When they decrease their lending interest rate, the commercial banks also decreases their lending rates to the consumers, increase the amount of money supplied in the economy
- Open Market Operations (OMO)
This is where they regulate the supply of money in the economy by either selling or buying the government securities (treasury bills or bonds) in the open market. That is when they want to increase the supply in the economy, they buying the securities from the members of the public who had bought them to increase more supply of money in the economy.
When they want to reduce the amount of money in circulation they will sell the government security to the public in the open market, to mop up/reduce the excess supply in the economy
The payment of the securities takes money from the individuals accounts in the commercial banks, reducing the amount that the individual can use in the economy, while when buying the central bank pays the security holders in their respective accounts in the commercial banks, increasing the amount that they can use in the economy
- Cash/liquidity ratio requirement
Here the central bank expect the commercial bank to keep a certain proportion of their total deposits in form of cash to enable them meet their daily needs, while the rest are held in liquid assets. This proportion can be reduced by the central bank to reduces the amount of money held by the commercial banks in order to reduce the amount of money spent by the commercial banks in cash, reducing the amount of money in supply, or they may increase the proportion to be held by the commercial banks to enable them increase the amount of money they spent in cash, increasing the amount of money in supply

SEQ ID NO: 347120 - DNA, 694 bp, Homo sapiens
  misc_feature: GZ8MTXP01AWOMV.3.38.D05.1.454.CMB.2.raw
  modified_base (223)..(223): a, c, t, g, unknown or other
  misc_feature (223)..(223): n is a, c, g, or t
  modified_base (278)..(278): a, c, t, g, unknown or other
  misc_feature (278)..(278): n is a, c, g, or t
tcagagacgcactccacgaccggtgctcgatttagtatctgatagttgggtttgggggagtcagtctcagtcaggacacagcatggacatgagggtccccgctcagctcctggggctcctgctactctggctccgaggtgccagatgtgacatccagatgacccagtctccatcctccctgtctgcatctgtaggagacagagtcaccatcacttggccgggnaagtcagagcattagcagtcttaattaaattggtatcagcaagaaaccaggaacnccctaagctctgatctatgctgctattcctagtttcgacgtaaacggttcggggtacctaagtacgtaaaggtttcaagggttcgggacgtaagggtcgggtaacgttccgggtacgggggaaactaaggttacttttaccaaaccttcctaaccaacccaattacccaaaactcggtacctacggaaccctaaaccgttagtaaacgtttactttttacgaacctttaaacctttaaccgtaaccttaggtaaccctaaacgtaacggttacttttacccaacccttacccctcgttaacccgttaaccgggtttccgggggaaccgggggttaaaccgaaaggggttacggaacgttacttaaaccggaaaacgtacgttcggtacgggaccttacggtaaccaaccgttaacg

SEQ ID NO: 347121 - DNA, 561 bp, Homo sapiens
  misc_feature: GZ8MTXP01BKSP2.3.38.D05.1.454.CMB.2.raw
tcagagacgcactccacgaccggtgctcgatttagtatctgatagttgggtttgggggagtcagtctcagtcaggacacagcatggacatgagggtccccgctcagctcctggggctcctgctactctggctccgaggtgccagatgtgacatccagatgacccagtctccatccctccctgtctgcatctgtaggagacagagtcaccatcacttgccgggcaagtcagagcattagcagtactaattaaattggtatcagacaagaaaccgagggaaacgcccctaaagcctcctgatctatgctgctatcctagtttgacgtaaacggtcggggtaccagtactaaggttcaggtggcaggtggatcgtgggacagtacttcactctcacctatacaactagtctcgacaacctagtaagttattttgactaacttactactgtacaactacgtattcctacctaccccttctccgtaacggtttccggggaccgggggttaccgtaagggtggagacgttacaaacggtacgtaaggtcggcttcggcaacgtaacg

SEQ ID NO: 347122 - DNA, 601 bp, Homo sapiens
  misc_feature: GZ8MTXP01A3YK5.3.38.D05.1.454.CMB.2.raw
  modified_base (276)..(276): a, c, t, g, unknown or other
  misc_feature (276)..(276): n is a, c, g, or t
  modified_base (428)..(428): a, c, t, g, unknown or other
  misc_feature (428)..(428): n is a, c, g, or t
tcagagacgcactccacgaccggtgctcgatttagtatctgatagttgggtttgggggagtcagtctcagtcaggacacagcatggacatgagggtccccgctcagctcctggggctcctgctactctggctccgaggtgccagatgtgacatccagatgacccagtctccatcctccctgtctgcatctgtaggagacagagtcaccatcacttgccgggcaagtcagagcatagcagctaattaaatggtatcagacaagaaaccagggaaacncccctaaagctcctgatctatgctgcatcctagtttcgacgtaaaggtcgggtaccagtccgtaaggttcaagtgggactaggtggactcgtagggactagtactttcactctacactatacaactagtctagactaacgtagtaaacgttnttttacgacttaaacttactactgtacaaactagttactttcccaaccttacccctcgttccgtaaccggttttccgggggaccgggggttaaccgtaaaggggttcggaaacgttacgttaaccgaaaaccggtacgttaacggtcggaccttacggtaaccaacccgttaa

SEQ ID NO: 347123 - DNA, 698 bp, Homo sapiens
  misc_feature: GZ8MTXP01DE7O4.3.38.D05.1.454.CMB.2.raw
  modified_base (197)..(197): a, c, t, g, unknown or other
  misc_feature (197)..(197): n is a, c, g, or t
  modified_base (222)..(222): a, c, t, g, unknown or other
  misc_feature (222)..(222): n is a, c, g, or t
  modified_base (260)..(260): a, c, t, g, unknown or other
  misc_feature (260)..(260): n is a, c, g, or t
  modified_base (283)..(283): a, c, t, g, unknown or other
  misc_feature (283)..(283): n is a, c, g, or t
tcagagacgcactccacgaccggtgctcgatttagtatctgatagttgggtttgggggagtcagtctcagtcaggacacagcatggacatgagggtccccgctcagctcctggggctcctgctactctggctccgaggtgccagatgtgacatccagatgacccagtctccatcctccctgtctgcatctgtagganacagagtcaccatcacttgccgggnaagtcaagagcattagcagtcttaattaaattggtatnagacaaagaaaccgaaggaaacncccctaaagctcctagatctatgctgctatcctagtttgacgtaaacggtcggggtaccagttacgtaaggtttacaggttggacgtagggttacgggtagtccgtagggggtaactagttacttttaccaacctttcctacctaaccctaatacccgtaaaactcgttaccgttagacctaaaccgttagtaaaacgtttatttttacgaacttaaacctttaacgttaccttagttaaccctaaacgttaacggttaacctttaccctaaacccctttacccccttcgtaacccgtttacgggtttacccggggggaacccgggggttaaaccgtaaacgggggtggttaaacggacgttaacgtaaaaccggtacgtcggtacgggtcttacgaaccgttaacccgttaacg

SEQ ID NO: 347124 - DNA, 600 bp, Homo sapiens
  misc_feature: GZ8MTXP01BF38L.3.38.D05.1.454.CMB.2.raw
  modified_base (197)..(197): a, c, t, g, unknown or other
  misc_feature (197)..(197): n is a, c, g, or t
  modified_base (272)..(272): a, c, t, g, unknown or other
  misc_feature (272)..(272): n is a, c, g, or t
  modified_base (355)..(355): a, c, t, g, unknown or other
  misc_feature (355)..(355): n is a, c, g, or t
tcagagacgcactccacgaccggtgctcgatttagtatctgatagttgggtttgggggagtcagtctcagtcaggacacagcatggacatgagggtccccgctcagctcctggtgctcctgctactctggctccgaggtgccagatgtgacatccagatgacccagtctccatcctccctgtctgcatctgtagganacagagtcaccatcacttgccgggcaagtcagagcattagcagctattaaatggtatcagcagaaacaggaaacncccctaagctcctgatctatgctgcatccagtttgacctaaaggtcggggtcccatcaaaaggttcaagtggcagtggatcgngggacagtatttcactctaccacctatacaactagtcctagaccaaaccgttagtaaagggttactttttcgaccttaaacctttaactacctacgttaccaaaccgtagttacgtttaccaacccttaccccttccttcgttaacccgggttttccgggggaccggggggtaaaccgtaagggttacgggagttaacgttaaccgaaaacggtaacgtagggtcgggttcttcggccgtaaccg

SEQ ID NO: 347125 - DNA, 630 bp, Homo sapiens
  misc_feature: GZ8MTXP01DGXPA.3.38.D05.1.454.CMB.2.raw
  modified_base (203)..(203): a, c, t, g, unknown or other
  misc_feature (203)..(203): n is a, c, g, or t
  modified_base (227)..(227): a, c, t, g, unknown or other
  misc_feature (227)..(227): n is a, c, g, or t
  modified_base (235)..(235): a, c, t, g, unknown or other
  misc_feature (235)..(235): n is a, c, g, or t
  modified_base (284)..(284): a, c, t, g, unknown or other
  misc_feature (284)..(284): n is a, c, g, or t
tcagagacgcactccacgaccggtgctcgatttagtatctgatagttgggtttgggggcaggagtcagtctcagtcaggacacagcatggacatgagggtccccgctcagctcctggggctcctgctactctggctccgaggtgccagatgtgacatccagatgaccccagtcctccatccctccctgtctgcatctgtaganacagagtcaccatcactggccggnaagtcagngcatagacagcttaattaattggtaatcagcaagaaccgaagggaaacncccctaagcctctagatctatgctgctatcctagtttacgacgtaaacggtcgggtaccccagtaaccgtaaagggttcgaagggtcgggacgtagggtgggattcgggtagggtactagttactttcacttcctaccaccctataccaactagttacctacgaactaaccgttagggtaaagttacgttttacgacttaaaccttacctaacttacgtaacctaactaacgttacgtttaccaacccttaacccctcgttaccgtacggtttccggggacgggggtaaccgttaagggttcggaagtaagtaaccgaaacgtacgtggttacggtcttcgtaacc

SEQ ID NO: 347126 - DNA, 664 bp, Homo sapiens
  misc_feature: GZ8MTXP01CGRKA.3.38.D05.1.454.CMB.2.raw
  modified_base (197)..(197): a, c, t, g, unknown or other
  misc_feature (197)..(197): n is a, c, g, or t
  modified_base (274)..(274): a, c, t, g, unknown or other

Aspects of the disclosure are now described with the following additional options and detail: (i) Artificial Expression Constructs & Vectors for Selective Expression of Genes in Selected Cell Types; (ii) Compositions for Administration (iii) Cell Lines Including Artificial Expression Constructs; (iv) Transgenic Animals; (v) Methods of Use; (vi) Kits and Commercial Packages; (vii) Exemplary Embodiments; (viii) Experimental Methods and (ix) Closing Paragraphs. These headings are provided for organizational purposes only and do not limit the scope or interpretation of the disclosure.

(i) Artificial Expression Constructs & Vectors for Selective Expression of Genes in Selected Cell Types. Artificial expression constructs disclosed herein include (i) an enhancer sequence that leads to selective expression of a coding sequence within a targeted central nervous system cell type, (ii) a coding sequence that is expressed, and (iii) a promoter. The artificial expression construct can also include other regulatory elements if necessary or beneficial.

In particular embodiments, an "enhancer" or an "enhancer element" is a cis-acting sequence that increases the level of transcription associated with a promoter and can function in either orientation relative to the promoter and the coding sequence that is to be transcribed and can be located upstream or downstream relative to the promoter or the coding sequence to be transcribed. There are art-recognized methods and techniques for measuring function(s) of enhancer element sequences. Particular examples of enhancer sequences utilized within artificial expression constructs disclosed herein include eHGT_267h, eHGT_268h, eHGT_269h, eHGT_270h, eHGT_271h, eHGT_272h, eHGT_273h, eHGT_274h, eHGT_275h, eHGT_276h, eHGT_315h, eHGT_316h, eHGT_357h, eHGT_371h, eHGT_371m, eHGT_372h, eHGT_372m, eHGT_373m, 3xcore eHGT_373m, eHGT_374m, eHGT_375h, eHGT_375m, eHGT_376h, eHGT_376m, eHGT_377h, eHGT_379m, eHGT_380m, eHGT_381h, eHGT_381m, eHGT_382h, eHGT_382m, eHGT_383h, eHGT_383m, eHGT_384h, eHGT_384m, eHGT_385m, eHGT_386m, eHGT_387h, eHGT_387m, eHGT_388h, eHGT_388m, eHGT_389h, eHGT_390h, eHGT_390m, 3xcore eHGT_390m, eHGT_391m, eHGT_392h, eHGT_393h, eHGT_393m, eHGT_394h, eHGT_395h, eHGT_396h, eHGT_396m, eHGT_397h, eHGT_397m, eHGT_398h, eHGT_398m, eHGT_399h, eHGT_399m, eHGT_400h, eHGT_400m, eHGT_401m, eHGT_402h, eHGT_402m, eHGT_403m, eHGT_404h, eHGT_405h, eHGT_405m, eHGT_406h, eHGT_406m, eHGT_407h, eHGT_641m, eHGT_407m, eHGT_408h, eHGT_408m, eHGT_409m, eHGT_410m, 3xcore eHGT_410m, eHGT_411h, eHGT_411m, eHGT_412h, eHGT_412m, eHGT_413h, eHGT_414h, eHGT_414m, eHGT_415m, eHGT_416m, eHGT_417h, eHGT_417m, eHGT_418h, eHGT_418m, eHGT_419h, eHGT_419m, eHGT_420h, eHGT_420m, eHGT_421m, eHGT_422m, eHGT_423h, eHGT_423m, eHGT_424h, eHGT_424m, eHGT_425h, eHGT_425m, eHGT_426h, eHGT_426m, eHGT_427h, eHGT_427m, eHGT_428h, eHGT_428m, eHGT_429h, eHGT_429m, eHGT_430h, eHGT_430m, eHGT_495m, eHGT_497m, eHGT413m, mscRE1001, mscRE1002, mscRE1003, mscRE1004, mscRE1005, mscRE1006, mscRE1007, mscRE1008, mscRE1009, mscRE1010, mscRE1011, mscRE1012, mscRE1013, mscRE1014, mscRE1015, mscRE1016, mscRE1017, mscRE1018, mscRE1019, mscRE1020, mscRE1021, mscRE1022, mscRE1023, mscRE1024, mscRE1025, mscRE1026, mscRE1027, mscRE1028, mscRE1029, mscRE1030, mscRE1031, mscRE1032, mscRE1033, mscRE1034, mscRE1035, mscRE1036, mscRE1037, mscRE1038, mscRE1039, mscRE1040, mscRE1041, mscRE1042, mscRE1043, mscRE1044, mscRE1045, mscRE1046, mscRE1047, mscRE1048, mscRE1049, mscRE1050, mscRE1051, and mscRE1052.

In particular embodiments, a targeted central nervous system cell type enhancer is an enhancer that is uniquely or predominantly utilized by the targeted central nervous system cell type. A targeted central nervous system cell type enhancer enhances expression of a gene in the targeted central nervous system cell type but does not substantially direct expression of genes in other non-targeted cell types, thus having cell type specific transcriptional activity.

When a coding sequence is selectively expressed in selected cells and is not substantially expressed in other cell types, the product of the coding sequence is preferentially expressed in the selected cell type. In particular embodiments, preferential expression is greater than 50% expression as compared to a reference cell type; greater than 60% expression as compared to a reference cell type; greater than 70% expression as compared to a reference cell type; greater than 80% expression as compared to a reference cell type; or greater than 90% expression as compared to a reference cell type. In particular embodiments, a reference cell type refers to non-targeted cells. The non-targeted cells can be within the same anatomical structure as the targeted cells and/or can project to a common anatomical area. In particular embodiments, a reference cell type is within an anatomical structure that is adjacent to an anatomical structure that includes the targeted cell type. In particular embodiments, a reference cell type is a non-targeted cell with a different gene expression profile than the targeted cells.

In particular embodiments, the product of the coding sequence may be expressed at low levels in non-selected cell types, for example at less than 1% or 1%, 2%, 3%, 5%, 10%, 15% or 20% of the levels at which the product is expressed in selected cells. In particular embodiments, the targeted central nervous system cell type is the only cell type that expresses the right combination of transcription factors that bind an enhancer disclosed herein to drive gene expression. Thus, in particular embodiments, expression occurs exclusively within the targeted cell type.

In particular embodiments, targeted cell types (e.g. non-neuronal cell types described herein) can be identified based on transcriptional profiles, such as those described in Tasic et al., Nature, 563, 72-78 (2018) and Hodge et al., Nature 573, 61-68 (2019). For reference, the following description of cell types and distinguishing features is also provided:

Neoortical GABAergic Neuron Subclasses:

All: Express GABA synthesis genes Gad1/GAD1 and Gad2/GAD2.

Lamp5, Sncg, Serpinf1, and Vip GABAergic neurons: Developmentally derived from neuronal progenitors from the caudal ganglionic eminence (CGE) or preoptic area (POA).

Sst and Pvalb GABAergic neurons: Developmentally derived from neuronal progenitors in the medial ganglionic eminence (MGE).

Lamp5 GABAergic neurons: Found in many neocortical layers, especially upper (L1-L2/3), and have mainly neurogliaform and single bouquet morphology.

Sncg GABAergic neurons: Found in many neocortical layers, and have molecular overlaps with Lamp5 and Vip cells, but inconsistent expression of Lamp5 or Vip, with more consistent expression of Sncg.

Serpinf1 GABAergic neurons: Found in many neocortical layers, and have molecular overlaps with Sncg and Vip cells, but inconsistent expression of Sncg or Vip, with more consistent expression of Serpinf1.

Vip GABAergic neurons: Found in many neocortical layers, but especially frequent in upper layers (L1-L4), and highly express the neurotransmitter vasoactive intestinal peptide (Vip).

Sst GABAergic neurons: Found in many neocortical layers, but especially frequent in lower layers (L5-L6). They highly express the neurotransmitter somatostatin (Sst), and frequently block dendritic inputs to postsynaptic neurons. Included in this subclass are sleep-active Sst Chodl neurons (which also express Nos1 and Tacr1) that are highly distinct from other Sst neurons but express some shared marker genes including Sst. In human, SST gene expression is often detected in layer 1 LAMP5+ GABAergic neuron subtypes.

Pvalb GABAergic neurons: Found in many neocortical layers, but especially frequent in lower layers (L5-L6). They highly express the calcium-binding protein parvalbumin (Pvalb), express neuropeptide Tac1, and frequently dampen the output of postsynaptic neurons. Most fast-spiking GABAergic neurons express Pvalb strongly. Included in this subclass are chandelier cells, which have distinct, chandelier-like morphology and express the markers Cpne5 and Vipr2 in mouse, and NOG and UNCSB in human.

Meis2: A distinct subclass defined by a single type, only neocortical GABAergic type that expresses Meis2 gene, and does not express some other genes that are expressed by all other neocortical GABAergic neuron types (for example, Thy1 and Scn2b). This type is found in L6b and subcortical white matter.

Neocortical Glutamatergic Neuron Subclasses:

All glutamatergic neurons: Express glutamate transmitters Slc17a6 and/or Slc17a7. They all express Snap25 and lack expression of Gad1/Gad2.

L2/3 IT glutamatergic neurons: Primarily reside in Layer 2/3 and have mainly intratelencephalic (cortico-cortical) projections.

Cash ratio =
- Compulsory deposit requirements
The commercial banks are required to maintain a certain amount of deposits with the central bank which will be held in a special account where the money stays frozen. This reduces the amount of money that the commercial banks hold and are able to spend in their operation, influencing the supply of money in the economy.
The deposit may be increase to reduce the amount of money in the commercial banks, or reduced to increase the amount of money in the commercial banks
- Selective credit control
The central bank may issue a special instruction to the commercial bank and other financial institution only to lend more in a particular sector to control the amount of money reaching the economy. The instruction may be removed, if the bank feels that the supply in the economy has reduced and needs to be increased